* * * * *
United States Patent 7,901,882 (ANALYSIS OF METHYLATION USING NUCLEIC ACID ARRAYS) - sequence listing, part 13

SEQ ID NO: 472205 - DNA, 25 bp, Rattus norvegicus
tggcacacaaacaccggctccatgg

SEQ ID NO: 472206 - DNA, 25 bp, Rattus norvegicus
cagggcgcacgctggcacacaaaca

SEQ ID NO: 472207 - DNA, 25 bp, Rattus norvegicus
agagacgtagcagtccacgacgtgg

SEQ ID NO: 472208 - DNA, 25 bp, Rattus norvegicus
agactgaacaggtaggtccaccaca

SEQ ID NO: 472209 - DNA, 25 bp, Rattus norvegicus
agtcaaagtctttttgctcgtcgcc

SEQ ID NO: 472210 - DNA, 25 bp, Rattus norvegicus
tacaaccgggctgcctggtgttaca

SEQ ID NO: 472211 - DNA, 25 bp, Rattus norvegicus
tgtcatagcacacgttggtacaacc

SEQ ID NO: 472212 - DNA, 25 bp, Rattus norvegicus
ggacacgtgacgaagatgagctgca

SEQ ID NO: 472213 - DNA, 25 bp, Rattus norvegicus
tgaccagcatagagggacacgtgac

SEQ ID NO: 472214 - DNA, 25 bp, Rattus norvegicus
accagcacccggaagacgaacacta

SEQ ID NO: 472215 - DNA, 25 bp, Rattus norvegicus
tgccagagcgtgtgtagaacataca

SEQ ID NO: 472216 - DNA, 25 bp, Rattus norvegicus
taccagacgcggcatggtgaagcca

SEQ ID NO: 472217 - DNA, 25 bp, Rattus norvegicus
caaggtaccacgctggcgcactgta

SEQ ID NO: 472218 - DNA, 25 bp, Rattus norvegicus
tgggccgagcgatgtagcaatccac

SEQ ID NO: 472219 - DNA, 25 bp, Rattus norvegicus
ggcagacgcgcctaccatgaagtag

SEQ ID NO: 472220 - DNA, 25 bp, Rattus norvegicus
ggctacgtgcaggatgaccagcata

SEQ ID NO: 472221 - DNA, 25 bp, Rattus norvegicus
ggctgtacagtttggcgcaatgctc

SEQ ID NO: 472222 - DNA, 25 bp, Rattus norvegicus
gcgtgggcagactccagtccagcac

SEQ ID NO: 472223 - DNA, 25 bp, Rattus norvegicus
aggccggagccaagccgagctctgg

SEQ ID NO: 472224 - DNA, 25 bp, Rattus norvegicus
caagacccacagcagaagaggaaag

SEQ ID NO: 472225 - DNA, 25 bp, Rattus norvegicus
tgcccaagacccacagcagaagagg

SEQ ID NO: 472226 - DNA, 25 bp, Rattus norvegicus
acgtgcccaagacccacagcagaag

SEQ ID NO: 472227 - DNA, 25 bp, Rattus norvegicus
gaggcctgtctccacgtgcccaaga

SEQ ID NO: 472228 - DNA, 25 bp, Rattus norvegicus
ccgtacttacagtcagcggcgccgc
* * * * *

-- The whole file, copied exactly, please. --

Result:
United States Patent 7,901,882 (ANALYSIS OF METHYLATION USING NUCLEIC ACID ARRAYS) - sequence listing, part 13

SEQ ID NO: 472205 - DNA, 25 bp, Rattus norvegicus
tggcacacaaacaccggctccatgg

SEQ ID NO: 472206 - DNA, 25 bp, Rattus norvegicus
cagggcgcacgctggcacacaaaca

SEQ ID NO: 472207 - DNA, 25 bp, Rattus norvegicus
agagacgtagcagtccacgacgtgg

SEQ ID NO: 472208 - DNA, 25 bp, Rattus norvegicus
agactgaacaggtaggtccaccaca

SEQ ID NO: 472209 - DNA, 25 bp, Rattus norvegicus
agtcaaagtctttttgctcgtcgcc

SEQ ID NO: 472210 - DNA, 25 bp, Rattus norvegicus
tacaaccgggctgcctggtgttaca

SEQ ID NO: 472211 - DNA, 25 bp, Rattus norvegicus
tgtcatagcacacgttggtacaacc

SEQ ID NO: 472212 - DNA, 25 bp, Rattus norvegicus
ggacacgtgacgaagatgagctgca

SEQ ID NO: 472213 - DNA, 25 bp, Rattus norvegicus
tgaccagcatagagggacacgtgac

SEQ ID NO: 472214 - DNA, 25 bp, Rattus norvegicus
accagcacccggaagacgaacacta

SEQ ID NO: 472215 - DNA, 25 bp, Rattus norvegicus
tgccagagcgtgtgtagaacataca

SEQ ID NO: 472216 - DNA, 25 bp, Rattus norvegicus
taccagacgcggcatggtgaagcca

SEQ ID NO: 472217 - DNA, 25 bp, Rattus norvegicus
caaggtaccacgctggcgcactgta

SEQ ID NO: 472218 - DNA, 25 bp, Rattus norvegicus
tgggccgagcgatgtagcaatccac

SEQ ID NO: 472219 - DNA, 25 bp, Rattus norvegicus
ggcagacgcgcctaccatgaagtag

SEQ ID NO: 472220 - DNA, 25 bp, Rattus norvegicus
ggctacgtgcaggatgaccagcata

SEQ ID NO: 472221 - DNA, 25 bp, Rattus norvegicus
ggctgtacagtttggcgcaatgctc

SEQ ID NO: 472222 - DNA, 25 bp, Rattus norvegicus
gcgtgggcagactccagtccagcac

SEQ ID NO: 472223 - DNA, 25 bp, Rattus norvegicus
aggccggagccaagccgagctctgg

SEQ ID NO: 472224 - DNA, 25 bp, Rattus norvegicus
caagacccacagcagaagaggaaag

SEQ ID NO: 472225 - DNA, 25 bp, Rattus norvegicus
tgcccaagacccacagcagaagagg

SEQ ID NO: 472226 - DNA, 25 bp, Rattus norvegicus
acgtgcccaagacccacagcagaag

SEQ ID NO: 472227 - DNA, 25 bp, Rattus norvegicus
gaggcctgtctccacgtgcccaaga

SEQ ID NO: 472228 - DNA, 25 bp, Rattus norvegicus
ccgtacttacagtcagcggcgccgc